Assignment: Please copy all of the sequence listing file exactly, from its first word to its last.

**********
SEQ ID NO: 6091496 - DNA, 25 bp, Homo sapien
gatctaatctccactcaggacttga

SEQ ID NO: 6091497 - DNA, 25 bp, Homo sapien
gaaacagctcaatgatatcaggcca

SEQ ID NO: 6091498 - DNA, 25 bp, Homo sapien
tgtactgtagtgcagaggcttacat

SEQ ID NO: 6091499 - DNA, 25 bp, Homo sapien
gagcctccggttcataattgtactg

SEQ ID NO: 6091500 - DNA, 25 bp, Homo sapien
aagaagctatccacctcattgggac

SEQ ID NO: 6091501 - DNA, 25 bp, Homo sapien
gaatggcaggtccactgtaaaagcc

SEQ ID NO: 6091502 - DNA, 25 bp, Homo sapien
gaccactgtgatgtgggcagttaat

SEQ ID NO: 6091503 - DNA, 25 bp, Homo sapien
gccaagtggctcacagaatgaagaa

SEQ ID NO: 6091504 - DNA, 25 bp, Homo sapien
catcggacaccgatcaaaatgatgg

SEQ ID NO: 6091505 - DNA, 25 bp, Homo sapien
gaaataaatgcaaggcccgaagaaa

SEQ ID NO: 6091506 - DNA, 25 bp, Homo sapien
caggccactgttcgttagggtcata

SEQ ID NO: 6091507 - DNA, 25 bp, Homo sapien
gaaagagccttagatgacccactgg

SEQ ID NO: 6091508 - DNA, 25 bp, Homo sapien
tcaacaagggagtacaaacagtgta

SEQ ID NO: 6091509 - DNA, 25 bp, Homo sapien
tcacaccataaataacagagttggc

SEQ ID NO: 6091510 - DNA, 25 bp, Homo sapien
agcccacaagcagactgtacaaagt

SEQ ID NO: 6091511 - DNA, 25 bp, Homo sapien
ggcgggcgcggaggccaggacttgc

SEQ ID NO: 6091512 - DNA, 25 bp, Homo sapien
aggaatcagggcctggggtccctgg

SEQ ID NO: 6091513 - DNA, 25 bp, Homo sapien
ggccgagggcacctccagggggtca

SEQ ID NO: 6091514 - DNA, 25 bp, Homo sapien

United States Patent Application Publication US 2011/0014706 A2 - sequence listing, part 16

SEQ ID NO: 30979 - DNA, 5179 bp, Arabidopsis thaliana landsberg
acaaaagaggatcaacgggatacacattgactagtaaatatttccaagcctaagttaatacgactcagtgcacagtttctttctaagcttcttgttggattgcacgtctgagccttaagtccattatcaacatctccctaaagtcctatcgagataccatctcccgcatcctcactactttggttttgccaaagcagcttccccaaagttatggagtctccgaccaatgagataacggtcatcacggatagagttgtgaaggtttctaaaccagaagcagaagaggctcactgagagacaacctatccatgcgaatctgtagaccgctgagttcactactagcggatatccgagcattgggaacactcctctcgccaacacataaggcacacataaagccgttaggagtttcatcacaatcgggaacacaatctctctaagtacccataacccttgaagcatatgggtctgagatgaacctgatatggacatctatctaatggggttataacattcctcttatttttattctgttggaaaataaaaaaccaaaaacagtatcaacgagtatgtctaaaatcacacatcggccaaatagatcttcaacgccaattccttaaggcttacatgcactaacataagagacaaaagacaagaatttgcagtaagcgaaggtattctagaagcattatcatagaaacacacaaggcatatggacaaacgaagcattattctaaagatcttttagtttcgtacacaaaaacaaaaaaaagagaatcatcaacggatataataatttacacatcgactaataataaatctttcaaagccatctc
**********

SEQ ID NO: 6091496 - DNA, 25 bp, Homo sapien
gatctaatctccactcaggacttga

SEQ ID NO: 6091497 - DNA, 25 bp, Homo sapien
gaaacagctcaatgatatcaggcca

SEQ ID NO: 6091498 - DNA, 25 bp, Homo sapien
tgtactgtagtgcagaggcttacat

SEQ ID NO: 6091499 - DNA, 25 bp, Homo sapien
gagcctccggttcataattgtactg

SEQ ID NO: 6091500 - DNA, 25 bp, Homo sapien
aagaagctatccacctcattgggac

SEQ ID NO: 6091501 - DNA, 25 bp, Homo sapien
gaatggcaggtccactgtaaaagcc

SEQ ID NO: 6091502 - DNA, 25 bp, Homo sapien
gaccactgtgatgtgggcagttaat

SEQ ID NO: 6091503 - DNA, 25 bp, Homo sapien
gccaagtggctcacagaatgaagaa

SEQ ID NO: 6091504 - DNA, 25 bp, Homo sapien
catcggacaccgatcaaaatgatgg

SEQ ID NO: 6091505 - DNA, 25 bp, Homo sapien
gaaataaatgcaaggcccgaagaaa

SEQ ID NO: 6091506 - DNA, 25 bp, Homo sapien
caggccactgttcgttagggtcata

SEQ ID NO: 6091507 - DNA, 25 bp, Homo sapien
gaaagagccttagatgacccactgg

SEQ ID NO: 6091508 - DNA, 25 bp, Homo sapien
tcaacaagggagtacaaacagtgta

SEQ ID NO: 6091509 - DNA, 25 bp, Homo sapien
tcacaccataaataacagagttggc

SEQ ID NO: 6091510 - DNA, 25 bp, Homo sapien
agcccacaagcagactgtacaaagt

SEQ ID NO: 6091511 - DNA, 25 bp, Homo sapien
ggcgggcgcggaggccaggacttgc

SEQ ID NO: 6091512 - DNA, 25 bp, Homo sapien
aggaatcagggcctggggtccctgg

SEQ ID NO: 6091513 - DNA, 25 bp, Homo sapien
ggccgagggcacctccagggggtca

SEQ ID NO: 6091514 - DNA, 25 bp, Homo sapien

United States Patent Application Publication US 2011/0014706 A2 - sequence listing, part 16

SEQ ID NO: 30979 - DNA, 5179 bp, Arabidopsis thaliana landsberg
acaaaagaggatcaacgggatacacattgactagtaaatatttccaagcctaagttaatacgactcagtgcacagtttctttctaagcttcttgttggattgcacgtctgagccttaagtccattatcaacatctccctaaagtcctatcgagataccatctcccgcatcctcactactttggttttgccaaagcagcttccccaaagttatggagtctccgaccaatgagataacggtcatcacggatagagttgtgaaggtttctaaaccagaagcagaagaggctcactgagagacaacctatccatgcgaatctgtagaccgctgagttcactactagcggatatccgagcattgggaacactcctctcgccaacacataaggcacacataaagccgttaggagtttcatcacaatcgggaacacaatctctctaagtacccataacccttgaagcatatgggtctgagatgaacctgatatggacatctatctaatggggttataacattcctcttatttttattctgttggaaaataaaaaaccaaaaacagtatcaacgagtatgtctaaaatcacacatcggccaaatagatcttcaacgccaattccttaaggcttacatgcactaacataagagacaaaagacaagaatttgcagtaagcgaaggtattctagaagcattatcatagaaacacacaaggcatatggacaaacgaagcattattctaaagatcttttagtttcgtacacaaaaacaaaaaaaagagaatcatcaacggatataataatttacacatcgactaataataaatctttcaaagccatctc